We’ve all been there a time or two (or a million) when we go home for the holidays and are bombarded with the questions regarding your relationship status. Your family wants to know where your boyfriend or girlfriend are, why aren’t you dating, and they are more than happy to remind you that you aren’t getting any younger and your biological clock is ticking.
This isn’t anything unusual and you’ve started taking the comments in stride. It’s what families do, you get that. What you can’t seem to get around is when your friends, especially the ones you haven’t seen in a while, seem to shame you for not being tied to anyone. This is more jarring because more often than not because it seems to come out of nowhere and they tend to treat your singledom as a disease that needs to be treated.
Of course, the way people treat their single friends is so glaringly obvious, it’s almost disheartening. At first, you no longer get asked out to couples-only dinner parties, but then is slowly escalates to wedding invites where it is just assumed on the invitation that you won’t have a guest accompanying you. Or, if you happen to tell your married friend that you enjoy a couple glasses of wine, you are considered a borderline alcoholic, but when your friend “splurges” and has a drink or two, it’s a wild night in for her.
Perhaps your friends do it unwittingly, but the underlying impression remains—you should be ashamed of your singleness.
But, for many of those who are single and enjoy it, it can be like a slap in the face. Why? “Single-shaming comes from the thinking that if you follow the prescribed path and get married, you”ll be happier,” says Bella DePaulo, Ph.D., author of Singled Out. “But if half the population is single, how can you say the only way to be happy is to be married?”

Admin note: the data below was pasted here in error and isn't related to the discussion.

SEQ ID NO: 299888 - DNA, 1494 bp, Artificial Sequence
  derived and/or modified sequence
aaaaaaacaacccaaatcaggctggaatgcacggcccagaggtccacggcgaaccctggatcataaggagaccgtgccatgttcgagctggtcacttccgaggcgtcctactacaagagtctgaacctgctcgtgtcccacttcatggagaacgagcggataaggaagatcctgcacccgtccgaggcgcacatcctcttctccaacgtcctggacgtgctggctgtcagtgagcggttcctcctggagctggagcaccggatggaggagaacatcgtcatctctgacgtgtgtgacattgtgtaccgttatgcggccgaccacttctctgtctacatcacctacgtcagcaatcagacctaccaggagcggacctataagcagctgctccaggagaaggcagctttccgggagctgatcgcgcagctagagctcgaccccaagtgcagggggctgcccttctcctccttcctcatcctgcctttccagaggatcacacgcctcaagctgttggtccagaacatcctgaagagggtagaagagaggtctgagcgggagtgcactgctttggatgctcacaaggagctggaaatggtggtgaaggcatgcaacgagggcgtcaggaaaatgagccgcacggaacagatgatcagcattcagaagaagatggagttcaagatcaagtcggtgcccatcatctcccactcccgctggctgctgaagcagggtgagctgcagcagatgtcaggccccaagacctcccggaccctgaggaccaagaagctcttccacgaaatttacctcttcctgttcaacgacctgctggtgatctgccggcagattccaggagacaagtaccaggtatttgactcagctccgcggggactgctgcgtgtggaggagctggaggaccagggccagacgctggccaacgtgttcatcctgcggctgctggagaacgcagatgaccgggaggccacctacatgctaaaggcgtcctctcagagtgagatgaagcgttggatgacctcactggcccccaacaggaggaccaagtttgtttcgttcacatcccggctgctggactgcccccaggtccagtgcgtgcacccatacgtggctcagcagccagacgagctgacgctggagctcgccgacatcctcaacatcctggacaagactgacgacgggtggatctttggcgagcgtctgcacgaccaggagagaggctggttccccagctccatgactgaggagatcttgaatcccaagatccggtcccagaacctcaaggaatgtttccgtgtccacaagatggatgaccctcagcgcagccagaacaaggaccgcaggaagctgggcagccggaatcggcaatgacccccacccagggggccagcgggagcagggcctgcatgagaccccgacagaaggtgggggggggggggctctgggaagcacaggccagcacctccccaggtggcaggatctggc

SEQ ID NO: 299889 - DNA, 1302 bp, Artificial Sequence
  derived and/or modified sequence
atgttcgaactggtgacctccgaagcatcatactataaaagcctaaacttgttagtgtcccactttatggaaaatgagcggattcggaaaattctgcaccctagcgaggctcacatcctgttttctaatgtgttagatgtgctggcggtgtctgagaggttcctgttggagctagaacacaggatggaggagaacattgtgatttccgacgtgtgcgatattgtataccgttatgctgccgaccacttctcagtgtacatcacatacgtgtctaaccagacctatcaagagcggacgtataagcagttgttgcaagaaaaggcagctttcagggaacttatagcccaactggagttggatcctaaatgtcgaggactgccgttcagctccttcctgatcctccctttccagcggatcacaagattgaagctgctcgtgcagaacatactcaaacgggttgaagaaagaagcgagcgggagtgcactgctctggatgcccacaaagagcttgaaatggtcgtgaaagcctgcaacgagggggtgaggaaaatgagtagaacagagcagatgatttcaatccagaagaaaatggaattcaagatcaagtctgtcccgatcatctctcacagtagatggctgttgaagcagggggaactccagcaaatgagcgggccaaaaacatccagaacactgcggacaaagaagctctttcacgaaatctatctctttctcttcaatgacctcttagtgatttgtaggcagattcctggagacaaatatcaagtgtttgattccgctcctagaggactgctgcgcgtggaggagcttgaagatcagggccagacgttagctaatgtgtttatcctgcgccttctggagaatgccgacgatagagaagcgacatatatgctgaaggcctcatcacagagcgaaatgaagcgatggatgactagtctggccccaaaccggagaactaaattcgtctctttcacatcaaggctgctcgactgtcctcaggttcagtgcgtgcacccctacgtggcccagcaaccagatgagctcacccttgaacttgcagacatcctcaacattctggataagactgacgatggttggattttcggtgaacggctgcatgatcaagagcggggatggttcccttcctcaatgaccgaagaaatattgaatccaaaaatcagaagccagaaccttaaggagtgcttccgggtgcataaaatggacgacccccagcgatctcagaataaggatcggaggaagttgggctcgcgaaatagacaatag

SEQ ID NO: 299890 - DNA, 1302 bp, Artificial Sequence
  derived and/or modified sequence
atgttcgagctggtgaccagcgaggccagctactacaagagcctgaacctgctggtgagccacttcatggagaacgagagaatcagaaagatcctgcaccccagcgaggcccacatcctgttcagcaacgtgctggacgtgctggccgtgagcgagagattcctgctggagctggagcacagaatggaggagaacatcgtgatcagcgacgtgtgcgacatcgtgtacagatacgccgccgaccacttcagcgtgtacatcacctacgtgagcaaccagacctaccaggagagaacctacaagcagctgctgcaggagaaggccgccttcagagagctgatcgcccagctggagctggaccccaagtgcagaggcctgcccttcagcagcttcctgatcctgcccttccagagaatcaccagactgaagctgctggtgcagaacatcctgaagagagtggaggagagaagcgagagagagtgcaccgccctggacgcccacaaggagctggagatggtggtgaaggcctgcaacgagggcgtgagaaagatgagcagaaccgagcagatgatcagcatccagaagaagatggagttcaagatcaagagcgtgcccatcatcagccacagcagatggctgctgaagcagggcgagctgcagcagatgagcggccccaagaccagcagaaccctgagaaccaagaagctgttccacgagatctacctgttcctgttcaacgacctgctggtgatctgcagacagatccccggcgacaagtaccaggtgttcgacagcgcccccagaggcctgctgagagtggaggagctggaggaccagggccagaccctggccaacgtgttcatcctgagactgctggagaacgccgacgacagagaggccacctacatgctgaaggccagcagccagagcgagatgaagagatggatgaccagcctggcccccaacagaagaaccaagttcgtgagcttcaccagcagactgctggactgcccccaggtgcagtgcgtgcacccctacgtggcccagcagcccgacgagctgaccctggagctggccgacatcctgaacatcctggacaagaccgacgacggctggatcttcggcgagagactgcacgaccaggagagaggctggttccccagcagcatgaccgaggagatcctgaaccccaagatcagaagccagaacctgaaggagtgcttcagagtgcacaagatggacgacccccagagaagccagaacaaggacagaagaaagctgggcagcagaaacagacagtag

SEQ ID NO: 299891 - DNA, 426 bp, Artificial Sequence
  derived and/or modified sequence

According to a study from the University of Auckland, people who are in a relationship tend to be more vulnerable to hurt and conflict, which is something that many singles tend to avoid—unless they are being shamed. Why? This is because the people who are doing the shaming are actually saying that they are judging you for being carefree and living your life outside of societal norms. Contrary to popular believe, singles aren’t slackers who have nothing better to do. They simply enjoy their freedom to come and go as they please, but they still have obligations and jobs that keep them plenty occupied.
The trick is to deflect the shame-police by focusing the conversation on some other aspect of your life.
Then when they say something along the lines of wanting you to be happy and you can promptly correct them and their wrong assumption. You can tell them that you like sleeping in the middle of your large bed, you enjoy the sensation of not having to worry about where to go for the holidays because you already know you’re going to your family’s house. Being single isn’t a curse—in fact, it can be a blessing in disguise, especially if you aren’t ready to settle down.